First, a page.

Placing the Administrative State in Constitutional Context
By Hadley Heath
One issue that affects the healthcare issue (and many others) is the role of the administrative state. For example, the Department of Health and Human Services plays a huge role in making decisions about the implementation of various laws. Various government offices and bureaucracies can offer regulatory guidance pursuant to the Affordable Care Act, and the Centers for Medicare and Medicaid Services oversees these large government insurance programs.
But what power does the administrative state have, and how does that compare to the Constitution's design for the branches of government? IWF's legal fellow Erin Hawley explores this topic in a new legal brief: Placing the Administrative State in Constitutional Context
Here's an excerpt from the executive summary:
America’s administrative state now wields vast power over nearly every aspect of daily life. From setting up a business to building a home to accessing contraceptives, it is often an administrative agency that writes, enforces, and adjudicates the legal standards that govern these activities. This legal brief explores the problem of governance by administrative agency. First, the brief highlights how often the legal rules that affect individuals and businesses are made, not by Congress, but instead by unelected administrators. The brief then explores the Framers’ views of constitutional structure, and in particular, their understanding of separation of powers and nondelegation as necessary to preserving individual liberty.
Next, the brief locates the origins of the administrative state in anti-constitutional progressive thought. For the Progressives, administration, rather than republicanism, was the key to good government. Because administrators were to be neutral experts, the Progressives designed administration to be unaccountable to elected officials. They wanted a different kind of government, one where republicanism—or governance by elected representatives—didn’t get in the way of efficiency.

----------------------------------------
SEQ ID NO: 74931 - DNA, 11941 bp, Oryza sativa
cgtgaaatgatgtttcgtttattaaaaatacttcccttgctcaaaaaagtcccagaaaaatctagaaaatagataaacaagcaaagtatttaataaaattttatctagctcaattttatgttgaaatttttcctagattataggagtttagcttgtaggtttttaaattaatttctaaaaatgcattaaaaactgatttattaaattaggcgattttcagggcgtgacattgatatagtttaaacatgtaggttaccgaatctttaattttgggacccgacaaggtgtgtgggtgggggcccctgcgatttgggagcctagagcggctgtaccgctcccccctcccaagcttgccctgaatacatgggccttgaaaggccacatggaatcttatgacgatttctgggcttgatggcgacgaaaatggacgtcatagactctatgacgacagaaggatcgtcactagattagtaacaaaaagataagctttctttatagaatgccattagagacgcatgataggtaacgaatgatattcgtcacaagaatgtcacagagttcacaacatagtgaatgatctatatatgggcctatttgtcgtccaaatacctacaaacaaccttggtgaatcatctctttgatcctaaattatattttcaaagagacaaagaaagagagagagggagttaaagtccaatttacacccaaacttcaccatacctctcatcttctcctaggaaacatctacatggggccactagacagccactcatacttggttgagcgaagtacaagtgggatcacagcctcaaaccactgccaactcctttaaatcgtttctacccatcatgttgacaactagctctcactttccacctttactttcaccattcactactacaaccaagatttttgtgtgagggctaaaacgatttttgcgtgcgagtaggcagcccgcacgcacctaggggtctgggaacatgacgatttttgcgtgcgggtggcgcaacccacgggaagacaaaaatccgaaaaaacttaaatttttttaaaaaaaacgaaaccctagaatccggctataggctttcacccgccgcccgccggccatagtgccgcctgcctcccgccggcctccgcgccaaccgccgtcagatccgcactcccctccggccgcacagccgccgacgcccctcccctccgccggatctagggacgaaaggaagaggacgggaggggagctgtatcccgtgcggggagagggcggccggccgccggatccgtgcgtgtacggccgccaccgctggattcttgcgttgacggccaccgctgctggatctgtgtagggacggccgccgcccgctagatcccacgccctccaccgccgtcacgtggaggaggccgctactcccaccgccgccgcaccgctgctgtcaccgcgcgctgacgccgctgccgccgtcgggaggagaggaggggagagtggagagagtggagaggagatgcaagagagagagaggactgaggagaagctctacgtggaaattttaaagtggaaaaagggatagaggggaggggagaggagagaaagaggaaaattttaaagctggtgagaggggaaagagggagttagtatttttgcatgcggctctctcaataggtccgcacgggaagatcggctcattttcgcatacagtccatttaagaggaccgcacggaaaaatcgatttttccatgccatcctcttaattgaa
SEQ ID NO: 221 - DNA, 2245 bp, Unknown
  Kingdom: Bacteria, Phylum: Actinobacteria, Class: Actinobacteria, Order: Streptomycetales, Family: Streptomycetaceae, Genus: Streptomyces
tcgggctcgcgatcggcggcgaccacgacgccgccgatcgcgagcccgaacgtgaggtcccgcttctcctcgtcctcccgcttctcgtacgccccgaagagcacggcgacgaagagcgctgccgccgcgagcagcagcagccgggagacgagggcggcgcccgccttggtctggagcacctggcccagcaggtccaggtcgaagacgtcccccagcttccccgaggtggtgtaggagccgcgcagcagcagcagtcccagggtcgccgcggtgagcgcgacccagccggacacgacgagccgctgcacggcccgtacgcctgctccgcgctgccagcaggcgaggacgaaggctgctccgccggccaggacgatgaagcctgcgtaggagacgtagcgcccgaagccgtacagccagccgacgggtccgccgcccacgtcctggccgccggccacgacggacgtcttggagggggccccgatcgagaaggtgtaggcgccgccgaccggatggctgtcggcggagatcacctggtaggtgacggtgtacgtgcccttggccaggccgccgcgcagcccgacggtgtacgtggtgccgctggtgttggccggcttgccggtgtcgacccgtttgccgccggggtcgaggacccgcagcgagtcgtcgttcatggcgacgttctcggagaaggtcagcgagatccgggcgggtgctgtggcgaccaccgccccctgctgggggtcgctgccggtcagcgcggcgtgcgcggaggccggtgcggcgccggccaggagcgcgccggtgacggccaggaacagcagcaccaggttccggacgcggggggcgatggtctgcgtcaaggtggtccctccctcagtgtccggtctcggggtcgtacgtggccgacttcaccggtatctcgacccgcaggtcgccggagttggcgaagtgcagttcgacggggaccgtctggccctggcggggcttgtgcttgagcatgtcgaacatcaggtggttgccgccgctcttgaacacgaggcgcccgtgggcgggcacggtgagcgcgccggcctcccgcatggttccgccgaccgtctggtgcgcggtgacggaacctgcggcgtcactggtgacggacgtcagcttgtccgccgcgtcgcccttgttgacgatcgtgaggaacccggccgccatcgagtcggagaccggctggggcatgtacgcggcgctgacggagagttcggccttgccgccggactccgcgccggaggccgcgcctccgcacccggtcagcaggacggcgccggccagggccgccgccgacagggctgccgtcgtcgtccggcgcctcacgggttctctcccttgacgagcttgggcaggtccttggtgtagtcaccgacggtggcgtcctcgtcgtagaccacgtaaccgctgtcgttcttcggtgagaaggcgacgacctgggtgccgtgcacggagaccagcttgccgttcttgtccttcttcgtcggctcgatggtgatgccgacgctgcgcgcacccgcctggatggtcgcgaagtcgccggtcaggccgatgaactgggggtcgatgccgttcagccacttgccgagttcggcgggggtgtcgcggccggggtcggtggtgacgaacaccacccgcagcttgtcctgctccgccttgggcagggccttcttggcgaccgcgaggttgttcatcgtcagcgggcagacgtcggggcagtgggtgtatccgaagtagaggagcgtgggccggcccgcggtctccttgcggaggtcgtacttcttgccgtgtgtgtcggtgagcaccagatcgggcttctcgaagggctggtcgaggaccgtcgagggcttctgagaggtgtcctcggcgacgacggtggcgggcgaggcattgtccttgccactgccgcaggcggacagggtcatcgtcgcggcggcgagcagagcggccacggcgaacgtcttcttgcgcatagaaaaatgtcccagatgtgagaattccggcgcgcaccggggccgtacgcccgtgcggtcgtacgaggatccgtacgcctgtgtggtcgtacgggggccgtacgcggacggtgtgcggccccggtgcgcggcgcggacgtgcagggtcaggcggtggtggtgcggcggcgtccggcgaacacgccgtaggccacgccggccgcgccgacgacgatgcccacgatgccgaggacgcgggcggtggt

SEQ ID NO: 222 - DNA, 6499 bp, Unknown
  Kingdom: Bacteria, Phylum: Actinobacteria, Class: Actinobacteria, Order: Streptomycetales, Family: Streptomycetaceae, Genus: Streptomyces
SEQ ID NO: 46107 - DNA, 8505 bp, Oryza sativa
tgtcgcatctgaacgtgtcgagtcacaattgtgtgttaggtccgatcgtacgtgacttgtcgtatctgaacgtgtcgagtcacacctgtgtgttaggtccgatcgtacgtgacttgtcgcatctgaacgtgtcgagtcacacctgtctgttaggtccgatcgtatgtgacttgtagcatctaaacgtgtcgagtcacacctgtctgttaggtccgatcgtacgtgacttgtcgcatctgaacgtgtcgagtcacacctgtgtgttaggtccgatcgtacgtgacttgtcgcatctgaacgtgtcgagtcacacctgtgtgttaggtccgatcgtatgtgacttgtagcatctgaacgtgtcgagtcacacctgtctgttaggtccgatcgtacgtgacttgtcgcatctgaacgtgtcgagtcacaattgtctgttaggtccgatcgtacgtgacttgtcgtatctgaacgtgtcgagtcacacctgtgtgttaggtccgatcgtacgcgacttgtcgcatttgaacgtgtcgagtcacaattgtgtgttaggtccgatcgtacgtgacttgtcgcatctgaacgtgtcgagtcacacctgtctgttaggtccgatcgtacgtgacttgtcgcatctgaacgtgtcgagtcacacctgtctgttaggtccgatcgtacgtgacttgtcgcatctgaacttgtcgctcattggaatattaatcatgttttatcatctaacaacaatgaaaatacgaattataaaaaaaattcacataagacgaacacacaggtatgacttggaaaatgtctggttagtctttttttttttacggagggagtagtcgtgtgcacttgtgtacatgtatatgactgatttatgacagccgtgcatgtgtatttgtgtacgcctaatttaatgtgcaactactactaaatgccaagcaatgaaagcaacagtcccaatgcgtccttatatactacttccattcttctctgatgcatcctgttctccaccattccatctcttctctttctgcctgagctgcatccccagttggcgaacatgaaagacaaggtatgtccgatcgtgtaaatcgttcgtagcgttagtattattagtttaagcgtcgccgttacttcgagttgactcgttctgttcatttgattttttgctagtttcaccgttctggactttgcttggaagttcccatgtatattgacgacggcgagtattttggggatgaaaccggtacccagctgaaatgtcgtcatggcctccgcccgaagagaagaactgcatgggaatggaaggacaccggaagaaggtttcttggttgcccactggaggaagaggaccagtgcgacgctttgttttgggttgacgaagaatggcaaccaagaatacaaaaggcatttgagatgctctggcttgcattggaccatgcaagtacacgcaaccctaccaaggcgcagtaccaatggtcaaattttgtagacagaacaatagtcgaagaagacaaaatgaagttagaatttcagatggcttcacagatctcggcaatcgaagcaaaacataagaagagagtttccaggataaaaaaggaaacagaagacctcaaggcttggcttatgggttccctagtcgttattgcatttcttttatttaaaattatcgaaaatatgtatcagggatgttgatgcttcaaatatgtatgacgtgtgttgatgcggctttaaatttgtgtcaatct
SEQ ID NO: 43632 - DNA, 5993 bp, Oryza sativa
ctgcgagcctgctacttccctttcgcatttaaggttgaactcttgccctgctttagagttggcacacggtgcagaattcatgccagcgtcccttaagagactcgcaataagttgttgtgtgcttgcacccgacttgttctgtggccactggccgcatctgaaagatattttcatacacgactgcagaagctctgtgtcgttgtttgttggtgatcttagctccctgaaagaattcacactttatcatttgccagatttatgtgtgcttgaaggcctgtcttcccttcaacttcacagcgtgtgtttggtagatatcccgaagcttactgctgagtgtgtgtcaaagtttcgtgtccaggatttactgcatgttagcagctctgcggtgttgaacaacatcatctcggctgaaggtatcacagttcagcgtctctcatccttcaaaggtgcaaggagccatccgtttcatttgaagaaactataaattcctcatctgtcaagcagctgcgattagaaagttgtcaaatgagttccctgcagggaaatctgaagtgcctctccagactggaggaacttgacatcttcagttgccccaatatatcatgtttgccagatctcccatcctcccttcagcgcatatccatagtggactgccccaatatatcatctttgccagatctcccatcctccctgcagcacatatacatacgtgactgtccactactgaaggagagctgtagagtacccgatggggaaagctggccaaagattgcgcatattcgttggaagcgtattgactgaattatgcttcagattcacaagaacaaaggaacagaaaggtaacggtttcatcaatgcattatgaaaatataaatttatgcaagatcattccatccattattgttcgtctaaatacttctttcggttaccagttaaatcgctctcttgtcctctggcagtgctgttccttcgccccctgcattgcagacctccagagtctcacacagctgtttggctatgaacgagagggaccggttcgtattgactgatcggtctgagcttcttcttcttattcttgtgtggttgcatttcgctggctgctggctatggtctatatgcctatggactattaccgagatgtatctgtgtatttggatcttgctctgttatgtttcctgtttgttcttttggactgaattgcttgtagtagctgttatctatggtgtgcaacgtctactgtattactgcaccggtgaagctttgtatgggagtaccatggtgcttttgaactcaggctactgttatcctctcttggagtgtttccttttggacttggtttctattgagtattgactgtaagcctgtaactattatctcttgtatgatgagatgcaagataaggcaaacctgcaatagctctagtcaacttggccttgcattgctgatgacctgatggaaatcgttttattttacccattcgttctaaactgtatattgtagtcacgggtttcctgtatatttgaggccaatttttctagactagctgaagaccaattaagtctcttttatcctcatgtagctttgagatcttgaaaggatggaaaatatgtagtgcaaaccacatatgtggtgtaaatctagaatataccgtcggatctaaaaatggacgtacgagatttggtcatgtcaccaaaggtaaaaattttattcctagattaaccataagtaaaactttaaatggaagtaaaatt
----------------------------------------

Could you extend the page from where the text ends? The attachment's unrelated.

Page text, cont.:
Finally, the brief explains why the administrative state is in significant tension with the Founders’ Constitution. In particular, the current administrative state contravenes the limited government envisioned by the Founders by placing all of the government’s power in one branch, rather than in the three separate branches. This so-called Fourth Branch of government typically exercises legislative, executive, and judicial powers, and without much oversight by the elected branches. Further, broad and open-ended statutes passed by Congress give administrative agencies unheard of discretion to “write” the law. Practically speaking, the executive exercises little oversight over these agencies. And the Supreme Court has largely ceded the field when it comes to judicial review. While the Progressives did not care about upending the constitutional framework—they viewed the Constitution as a historical anachronism that must give way to more efficient administration—we should be wary of arguments and institutions that exchange liberty for efficiency. Though the vast size of our federal government makes it difficult to envision life without the administrative state, like the Founders, we should be concerned when government agencies ordinarily exercise all of the government’s power and are often practicably unaccountable to the people and their elected representatives.
Read this and other legal briefs from the Independent Women's Forum on our website.